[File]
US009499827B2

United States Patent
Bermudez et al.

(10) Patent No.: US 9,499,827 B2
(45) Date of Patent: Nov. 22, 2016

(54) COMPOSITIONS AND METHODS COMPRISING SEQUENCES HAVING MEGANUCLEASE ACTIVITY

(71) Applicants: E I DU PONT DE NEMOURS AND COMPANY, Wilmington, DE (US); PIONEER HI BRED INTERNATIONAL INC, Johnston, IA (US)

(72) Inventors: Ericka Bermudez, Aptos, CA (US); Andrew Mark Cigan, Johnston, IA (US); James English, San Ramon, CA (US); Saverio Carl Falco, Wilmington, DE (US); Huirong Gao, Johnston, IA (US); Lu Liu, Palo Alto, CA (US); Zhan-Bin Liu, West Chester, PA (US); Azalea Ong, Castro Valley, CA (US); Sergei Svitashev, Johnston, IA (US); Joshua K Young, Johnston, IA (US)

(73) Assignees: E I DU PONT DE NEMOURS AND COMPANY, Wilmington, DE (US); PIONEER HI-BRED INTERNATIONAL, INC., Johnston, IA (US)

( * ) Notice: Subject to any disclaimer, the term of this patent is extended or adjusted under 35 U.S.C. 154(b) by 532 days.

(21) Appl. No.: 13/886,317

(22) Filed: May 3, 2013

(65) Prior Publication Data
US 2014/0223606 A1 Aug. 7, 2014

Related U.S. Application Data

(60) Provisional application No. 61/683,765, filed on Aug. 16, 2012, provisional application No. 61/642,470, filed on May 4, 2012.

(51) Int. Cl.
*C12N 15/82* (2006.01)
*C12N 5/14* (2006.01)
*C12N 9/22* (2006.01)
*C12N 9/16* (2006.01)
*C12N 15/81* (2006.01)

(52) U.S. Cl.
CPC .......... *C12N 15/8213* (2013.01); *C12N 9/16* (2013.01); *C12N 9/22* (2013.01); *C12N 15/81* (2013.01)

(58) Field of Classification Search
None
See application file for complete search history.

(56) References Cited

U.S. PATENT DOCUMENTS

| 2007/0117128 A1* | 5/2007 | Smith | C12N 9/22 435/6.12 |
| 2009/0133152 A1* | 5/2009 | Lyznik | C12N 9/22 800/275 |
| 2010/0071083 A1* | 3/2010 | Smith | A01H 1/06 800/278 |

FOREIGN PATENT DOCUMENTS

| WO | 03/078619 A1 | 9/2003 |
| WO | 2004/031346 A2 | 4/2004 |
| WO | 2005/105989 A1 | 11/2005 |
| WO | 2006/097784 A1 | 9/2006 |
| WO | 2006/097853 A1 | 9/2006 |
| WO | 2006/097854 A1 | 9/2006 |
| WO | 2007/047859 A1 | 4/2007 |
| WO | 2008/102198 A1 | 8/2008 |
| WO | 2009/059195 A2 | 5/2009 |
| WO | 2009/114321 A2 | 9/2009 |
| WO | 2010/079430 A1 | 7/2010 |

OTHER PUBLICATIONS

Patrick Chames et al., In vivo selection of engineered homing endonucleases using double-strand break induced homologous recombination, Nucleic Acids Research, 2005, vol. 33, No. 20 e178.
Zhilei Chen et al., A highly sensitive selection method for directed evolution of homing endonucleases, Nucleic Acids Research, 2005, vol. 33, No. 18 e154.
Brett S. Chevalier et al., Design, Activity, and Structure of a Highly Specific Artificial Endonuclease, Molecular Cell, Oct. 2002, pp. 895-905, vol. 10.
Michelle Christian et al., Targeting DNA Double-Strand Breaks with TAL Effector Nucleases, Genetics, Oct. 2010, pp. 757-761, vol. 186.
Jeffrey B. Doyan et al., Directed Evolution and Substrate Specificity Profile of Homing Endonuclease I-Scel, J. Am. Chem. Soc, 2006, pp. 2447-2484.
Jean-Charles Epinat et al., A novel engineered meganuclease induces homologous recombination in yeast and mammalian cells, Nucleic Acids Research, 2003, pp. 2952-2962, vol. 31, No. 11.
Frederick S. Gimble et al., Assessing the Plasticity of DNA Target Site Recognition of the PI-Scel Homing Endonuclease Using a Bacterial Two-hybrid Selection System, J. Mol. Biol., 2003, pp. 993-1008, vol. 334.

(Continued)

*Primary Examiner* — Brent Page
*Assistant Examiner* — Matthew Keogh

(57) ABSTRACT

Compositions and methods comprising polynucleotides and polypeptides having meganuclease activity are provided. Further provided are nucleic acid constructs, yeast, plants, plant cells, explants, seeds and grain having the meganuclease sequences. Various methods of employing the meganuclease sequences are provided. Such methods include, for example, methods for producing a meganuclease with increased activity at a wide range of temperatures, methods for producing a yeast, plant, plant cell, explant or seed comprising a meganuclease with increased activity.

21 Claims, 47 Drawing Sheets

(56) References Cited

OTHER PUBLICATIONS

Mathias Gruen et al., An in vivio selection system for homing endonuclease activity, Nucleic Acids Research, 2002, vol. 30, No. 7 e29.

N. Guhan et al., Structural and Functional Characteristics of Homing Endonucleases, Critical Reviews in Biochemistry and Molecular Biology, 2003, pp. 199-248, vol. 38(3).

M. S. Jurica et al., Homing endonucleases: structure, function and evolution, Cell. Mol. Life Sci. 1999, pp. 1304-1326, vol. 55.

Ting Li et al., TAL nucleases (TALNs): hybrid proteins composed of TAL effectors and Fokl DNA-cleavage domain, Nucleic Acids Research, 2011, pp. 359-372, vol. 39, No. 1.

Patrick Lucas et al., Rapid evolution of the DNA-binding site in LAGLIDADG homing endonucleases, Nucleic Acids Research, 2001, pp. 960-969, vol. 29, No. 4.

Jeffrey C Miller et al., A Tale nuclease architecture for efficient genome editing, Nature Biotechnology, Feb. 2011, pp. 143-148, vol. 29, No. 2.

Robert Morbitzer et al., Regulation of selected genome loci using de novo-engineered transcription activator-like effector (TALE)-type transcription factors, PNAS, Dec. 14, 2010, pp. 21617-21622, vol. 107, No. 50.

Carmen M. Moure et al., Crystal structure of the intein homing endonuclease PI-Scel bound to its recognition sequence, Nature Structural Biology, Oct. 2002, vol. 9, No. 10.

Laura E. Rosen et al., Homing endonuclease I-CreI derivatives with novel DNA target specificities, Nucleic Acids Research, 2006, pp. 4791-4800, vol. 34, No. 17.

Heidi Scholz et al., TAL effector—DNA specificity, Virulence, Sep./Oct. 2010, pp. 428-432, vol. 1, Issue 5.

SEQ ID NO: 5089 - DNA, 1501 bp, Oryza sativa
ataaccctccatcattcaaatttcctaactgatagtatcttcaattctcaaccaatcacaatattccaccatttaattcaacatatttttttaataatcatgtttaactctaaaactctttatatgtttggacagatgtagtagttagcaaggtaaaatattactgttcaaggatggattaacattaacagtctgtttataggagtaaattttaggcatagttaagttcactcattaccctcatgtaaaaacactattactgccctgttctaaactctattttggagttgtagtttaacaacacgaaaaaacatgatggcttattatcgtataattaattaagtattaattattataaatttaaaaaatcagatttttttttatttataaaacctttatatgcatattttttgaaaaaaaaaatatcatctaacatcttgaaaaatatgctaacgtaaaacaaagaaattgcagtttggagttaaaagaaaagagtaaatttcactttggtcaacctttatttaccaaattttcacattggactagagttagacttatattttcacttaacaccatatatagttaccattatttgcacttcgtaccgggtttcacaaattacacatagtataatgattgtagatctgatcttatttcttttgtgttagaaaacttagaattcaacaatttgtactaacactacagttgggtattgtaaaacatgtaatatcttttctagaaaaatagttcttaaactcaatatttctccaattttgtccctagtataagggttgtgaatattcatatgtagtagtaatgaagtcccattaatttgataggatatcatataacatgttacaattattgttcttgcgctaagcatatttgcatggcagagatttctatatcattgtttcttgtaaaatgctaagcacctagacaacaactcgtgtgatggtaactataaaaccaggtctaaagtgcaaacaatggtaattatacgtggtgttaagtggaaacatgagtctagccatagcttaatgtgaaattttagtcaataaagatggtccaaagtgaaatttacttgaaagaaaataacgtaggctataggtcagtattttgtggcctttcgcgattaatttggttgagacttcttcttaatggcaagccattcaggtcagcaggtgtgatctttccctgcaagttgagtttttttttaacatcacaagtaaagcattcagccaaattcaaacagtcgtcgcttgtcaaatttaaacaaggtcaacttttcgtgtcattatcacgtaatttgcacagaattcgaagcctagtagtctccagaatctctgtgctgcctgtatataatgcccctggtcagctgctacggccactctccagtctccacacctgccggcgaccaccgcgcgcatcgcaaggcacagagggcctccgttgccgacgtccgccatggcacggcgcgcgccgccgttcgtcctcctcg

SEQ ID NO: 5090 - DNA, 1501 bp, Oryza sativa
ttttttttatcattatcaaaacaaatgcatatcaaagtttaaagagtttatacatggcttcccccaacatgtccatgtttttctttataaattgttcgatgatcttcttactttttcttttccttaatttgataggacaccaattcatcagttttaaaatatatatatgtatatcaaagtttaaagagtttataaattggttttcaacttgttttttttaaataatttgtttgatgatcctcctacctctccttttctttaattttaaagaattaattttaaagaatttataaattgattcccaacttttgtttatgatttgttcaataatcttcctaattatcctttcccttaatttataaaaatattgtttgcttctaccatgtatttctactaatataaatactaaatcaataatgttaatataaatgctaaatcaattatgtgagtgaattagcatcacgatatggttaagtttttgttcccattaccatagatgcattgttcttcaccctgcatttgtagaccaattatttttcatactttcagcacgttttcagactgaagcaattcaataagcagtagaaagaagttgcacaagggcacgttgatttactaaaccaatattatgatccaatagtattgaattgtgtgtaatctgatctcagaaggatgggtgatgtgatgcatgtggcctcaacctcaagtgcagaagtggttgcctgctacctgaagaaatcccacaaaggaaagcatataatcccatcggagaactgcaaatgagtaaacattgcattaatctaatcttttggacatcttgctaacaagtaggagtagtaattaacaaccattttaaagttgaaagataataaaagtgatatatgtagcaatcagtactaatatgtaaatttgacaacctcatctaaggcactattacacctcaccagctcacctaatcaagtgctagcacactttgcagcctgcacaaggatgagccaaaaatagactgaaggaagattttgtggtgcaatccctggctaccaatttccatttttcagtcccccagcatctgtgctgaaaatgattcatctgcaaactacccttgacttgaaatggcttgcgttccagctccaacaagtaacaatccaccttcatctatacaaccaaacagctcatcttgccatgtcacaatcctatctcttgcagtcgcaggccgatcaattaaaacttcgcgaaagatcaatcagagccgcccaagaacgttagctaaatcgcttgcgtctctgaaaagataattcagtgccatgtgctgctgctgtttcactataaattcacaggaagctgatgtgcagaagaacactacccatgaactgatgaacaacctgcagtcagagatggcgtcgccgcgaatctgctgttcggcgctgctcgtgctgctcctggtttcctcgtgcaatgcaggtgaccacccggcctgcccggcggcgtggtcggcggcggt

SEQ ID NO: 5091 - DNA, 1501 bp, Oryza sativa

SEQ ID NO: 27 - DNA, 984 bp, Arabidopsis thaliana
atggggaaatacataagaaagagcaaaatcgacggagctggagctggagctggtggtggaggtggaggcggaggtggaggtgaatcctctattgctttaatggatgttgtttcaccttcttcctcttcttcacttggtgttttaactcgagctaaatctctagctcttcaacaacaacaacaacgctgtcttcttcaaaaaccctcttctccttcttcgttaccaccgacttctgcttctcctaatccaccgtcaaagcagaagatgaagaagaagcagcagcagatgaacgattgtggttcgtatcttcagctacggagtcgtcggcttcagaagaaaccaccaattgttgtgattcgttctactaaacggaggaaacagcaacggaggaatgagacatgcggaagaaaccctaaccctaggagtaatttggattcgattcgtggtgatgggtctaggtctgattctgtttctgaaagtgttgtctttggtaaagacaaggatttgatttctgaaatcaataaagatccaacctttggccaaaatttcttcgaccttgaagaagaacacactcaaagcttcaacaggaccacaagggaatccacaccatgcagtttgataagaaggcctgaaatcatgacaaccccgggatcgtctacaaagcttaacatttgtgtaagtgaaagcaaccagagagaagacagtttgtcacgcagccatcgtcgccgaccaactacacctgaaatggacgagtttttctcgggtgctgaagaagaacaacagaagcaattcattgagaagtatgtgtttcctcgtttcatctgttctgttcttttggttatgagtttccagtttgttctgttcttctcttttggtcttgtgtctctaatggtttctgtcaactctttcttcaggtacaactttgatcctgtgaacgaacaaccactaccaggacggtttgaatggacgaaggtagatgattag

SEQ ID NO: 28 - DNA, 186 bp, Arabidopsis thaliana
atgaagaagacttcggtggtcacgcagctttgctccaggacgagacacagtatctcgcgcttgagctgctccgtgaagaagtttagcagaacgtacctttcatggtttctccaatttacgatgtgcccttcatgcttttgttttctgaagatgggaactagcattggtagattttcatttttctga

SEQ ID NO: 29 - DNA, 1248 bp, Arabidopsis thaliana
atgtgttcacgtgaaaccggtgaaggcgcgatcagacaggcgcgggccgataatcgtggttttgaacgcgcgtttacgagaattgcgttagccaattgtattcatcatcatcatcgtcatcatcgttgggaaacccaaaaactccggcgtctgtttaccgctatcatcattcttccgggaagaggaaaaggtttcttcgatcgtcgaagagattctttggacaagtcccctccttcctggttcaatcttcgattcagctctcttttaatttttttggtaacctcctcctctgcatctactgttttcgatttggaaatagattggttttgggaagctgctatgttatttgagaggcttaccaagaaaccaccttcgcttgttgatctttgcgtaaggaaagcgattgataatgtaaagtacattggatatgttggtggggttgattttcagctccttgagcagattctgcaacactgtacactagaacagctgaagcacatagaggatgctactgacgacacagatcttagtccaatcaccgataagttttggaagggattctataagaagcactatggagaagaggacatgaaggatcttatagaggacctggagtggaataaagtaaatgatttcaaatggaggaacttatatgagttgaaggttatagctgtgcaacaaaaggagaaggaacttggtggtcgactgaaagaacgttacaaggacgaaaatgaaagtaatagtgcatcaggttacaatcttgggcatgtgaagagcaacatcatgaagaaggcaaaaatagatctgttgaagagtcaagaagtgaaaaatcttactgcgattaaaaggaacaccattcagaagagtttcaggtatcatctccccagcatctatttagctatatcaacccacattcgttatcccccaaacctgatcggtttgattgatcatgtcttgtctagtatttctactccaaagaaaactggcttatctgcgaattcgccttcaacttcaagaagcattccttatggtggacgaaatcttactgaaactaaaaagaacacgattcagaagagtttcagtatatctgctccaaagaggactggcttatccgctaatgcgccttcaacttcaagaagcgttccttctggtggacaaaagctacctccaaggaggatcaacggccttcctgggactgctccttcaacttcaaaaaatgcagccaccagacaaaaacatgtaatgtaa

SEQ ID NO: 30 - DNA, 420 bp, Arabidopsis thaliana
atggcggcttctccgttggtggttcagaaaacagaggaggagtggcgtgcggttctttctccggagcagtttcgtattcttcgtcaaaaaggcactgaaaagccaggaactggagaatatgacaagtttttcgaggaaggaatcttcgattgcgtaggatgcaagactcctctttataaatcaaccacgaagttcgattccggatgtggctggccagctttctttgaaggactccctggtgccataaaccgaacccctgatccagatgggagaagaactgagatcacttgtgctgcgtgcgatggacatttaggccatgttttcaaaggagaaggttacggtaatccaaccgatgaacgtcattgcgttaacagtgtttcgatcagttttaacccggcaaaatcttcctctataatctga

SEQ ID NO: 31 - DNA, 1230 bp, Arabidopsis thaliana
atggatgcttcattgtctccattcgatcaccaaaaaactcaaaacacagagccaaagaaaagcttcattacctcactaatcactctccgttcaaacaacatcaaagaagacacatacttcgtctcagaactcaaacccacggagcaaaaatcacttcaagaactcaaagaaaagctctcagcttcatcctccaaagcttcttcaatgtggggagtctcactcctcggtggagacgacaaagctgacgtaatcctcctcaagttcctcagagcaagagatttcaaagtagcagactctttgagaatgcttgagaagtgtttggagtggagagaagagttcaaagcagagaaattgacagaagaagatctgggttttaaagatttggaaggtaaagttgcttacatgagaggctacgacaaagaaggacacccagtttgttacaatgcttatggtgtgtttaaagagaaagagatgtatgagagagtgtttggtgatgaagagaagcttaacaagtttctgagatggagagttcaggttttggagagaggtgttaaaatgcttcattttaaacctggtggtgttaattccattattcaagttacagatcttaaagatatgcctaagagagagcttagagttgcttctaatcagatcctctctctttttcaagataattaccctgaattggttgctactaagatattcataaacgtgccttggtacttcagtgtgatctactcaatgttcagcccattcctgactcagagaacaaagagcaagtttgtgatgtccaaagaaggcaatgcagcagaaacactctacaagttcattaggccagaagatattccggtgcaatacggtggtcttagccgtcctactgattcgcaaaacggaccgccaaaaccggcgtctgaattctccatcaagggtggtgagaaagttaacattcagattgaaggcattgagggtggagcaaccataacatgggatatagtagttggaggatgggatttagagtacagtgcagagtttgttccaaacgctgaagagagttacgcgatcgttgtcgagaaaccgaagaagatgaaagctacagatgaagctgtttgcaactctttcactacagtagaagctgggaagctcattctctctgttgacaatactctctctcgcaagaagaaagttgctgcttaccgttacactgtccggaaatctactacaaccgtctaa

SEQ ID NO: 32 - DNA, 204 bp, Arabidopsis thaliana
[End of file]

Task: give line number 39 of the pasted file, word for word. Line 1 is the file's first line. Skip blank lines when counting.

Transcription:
| WO | 2006/097854 A1 | 9/2006 |